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Tuesday, March 18, 2014

What Sources do You use for Inspiration When Writing Adventures?

Over the next few days I hope to dig into the research material my sister loaned me about Pennsylvania coal mines and their dangers (and still burning fires). I find the whole thing very intriguing and inspirational, and I expect it to translate well to a gaming scenario.

In the past I've drawn inspiration from books, movies, nature walks and occasionally, the dark corners of my mind ;)

Where do you draw your inspiration when writing adventures?


  1. The mutant humans who have turned themselves into troglodytes in Challenge of the Frog Idol are based on a spoken word recording of William S Burroughs that I have... "Spare Ass Annie".

    From the module:

    The truly disturbing thing to the observant human is that most of the female troglodytes resemble slimy, stinking human women more than actual troglodytes. In fact, the whole village is mutated, debased humans lead by the frog cult. They purposefully have their children mutated up on the hill north of town to show that they are not trying to elevate themselves to a higher station than their forgotten deity.

    From Spare Ass Annie:

    These creatures had developed in a region where the priests carried out strange rites. They built boxes from the moist, fresh bones of healthy youths, captives from neighboring tribes.

    Pregnant women were placed in the boxes and left on the peak for a period of three hours. Often the women died, but those who survived usually produced monsters. The priests considered these monstrosities a way of humiliating the human race before the gods, in the hope of diverting their anger.

    These horrible freaks were highly prized, and they lived in the temple. The women who gave birth to the most monsters received gold stars, which they were authorized to wear on ceremonial occasions.

    Once a month they held a great festival at which everyone gathered in a round stone temple, open at the top, and prostrated themselves on the floor, assuming the most disgusting and degraded positions possible, so that the gods would see they were not attempting to elevate themselves above their station.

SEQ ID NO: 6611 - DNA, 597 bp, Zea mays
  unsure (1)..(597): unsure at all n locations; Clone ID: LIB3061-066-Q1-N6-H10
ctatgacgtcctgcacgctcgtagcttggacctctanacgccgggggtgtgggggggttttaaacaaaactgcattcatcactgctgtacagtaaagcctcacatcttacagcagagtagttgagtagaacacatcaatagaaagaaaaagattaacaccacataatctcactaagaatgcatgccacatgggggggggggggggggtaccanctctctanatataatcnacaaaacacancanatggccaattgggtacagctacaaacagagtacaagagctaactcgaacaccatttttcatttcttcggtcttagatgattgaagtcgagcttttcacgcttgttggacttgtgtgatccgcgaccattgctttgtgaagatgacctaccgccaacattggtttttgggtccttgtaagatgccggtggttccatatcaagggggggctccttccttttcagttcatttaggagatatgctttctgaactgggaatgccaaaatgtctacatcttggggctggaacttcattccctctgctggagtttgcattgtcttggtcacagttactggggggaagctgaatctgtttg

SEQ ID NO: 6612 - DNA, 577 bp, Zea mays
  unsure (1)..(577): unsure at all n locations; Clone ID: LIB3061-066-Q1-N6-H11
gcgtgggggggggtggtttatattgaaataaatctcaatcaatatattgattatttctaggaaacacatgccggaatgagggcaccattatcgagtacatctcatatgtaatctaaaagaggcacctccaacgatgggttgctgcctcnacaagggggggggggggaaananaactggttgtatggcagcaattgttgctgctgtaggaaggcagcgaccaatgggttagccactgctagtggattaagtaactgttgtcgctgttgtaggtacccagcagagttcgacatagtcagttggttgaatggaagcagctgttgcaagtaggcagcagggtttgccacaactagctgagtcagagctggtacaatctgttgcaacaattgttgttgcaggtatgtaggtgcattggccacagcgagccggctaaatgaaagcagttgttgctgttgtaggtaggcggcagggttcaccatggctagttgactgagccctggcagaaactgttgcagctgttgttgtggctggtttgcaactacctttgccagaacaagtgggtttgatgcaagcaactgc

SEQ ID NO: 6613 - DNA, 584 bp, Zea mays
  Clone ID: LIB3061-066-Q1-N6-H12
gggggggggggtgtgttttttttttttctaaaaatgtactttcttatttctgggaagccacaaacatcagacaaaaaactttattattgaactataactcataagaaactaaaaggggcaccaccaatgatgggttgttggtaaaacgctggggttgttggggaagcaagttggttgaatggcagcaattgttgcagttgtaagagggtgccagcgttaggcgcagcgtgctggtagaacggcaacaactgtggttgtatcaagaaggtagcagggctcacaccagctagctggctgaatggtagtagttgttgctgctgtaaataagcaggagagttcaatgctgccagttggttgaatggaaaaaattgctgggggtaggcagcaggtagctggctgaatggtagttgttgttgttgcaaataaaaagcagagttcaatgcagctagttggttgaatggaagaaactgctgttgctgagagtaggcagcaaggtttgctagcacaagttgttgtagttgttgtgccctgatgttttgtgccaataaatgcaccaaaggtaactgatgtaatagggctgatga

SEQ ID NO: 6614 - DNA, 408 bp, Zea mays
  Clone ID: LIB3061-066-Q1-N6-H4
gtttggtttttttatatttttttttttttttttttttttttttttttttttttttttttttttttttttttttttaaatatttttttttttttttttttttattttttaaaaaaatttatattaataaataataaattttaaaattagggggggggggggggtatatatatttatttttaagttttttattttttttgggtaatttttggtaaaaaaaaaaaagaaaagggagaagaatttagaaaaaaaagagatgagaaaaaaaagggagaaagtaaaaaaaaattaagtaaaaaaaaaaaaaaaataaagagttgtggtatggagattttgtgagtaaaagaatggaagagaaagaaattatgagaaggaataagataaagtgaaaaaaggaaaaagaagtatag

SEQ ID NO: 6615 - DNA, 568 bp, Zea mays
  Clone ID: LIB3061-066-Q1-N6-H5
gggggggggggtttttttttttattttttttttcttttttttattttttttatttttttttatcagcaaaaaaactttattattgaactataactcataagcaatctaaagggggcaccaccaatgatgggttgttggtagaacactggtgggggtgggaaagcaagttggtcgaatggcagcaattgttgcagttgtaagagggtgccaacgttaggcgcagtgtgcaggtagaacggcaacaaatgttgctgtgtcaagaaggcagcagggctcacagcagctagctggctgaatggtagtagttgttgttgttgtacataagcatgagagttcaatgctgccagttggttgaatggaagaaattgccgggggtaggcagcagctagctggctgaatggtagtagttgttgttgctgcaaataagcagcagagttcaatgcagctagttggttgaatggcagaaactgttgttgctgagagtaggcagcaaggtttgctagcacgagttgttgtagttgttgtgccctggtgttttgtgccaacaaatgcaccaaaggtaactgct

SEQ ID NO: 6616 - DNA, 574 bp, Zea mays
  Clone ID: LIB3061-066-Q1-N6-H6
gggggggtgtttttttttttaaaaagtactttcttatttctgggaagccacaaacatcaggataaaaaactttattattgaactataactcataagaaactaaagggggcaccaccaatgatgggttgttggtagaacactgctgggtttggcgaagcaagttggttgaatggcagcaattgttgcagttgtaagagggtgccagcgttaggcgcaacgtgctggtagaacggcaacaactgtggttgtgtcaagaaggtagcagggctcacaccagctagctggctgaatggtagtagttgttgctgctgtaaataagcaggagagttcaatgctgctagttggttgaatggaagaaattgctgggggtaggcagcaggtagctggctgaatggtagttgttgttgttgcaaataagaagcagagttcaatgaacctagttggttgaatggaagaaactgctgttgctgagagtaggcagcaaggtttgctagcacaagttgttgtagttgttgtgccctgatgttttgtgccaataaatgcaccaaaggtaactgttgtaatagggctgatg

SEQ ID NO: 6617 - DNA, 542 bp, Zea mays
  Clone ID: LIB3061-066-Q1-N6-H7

2. Books, especially Burroughs and Howard and 80s cartoon shows for the most part. Irish and Celtic myth and local folklore (PA has an interesting history).

  3. Non-fantasy TV, half-forgotten comics and modern concepts - here's an example:

  4. It's great to find a good inspirational point.

  5. I of course steal ideas from Howard and like but my dirty secret when it comes to harvesting ideas for D&D and like it's westerns where you get the best ideas, especially Brisco County Junior.

    1. Stepping over genre boundaries is always fun. I do have to bury my transhumanist elves pretty deep though...

  6. Sounds like a fantastic source of inspiration. I can pretty much glean some sort of inspiration from anything I read, watch and especially things I misheard. For some reason my mind goes to weird things when I hear something incorrectly.

    The person might say, "I went fishing and caught a large mouth bass."

    I hear, "I went itching and bought a frog mouth brass."

    While it makes no sense I get a gaming idea from it. I might need hearing aids.

    1. No, no, no! Don't change a thing! LOL In fact, here's some more "ideas:"

      Kicking your cat all over the place (Queen)

      If there's a buzzard in your bedroom (Led Zeppelin)

      They won't get food again (The Who)

  7. I usually get inspired by a little bit of research, not too much though. As Bizet was asked when he was writing the opera, Carmen, "Are you going to Spain to research it?" "No," he answered, "that would only confuse me." Mythology reading is also a good general inspiration.

  8. A variety of stuff, books, comics, TV and movies. Generally, I don't get inspired by (or ideas from) fantasy stuff for game ideas, at least most often not from fantasy of the high fantasy, fairytale, nor sword and sorcery stripe. (Occasionally sure, but more often the things come from non-fantasy sources.)

    Generally though, the ideas come from genre stuff, usually SF, westerns, horror, mystery, superheroes or sometimes some of the modern-day setting SF/fantasy hybrids that are a bit hard (for me) to categorize with traditional genre descriptions. There are also always inspirations from online fantasy gaming sources too, some of it (but not all) mechanical. (Such as in Places Deep, Nine and Thirty Kingdoms, Playing D&D with Pornstars, Sham's Grog and Blog, Dyson's Dodecahedron, Tony Dowler's "How to Host a Dungeon", Land of NOD, etc etc.)

    As an example, my current fantasy campaign ideas are most inspired by the following:

    Highlander (the first movie)
    LOST (The TV Series)
    Eternals (Jack Kirby's '70s Marvel comic)
    Nine Princes in Amber (Zelazny's novel series, especially the first two or three books)
    Chariots of the Gods (the Erich von Daniken "non-fiction" book)
    MYST (the computer game)
    Twin Peaks (the TV series)

  9. Old sword & sorcery/weird fiction, random generators and boys and pieces from modules. I don't really write adventures so much as seed sandboxes, though.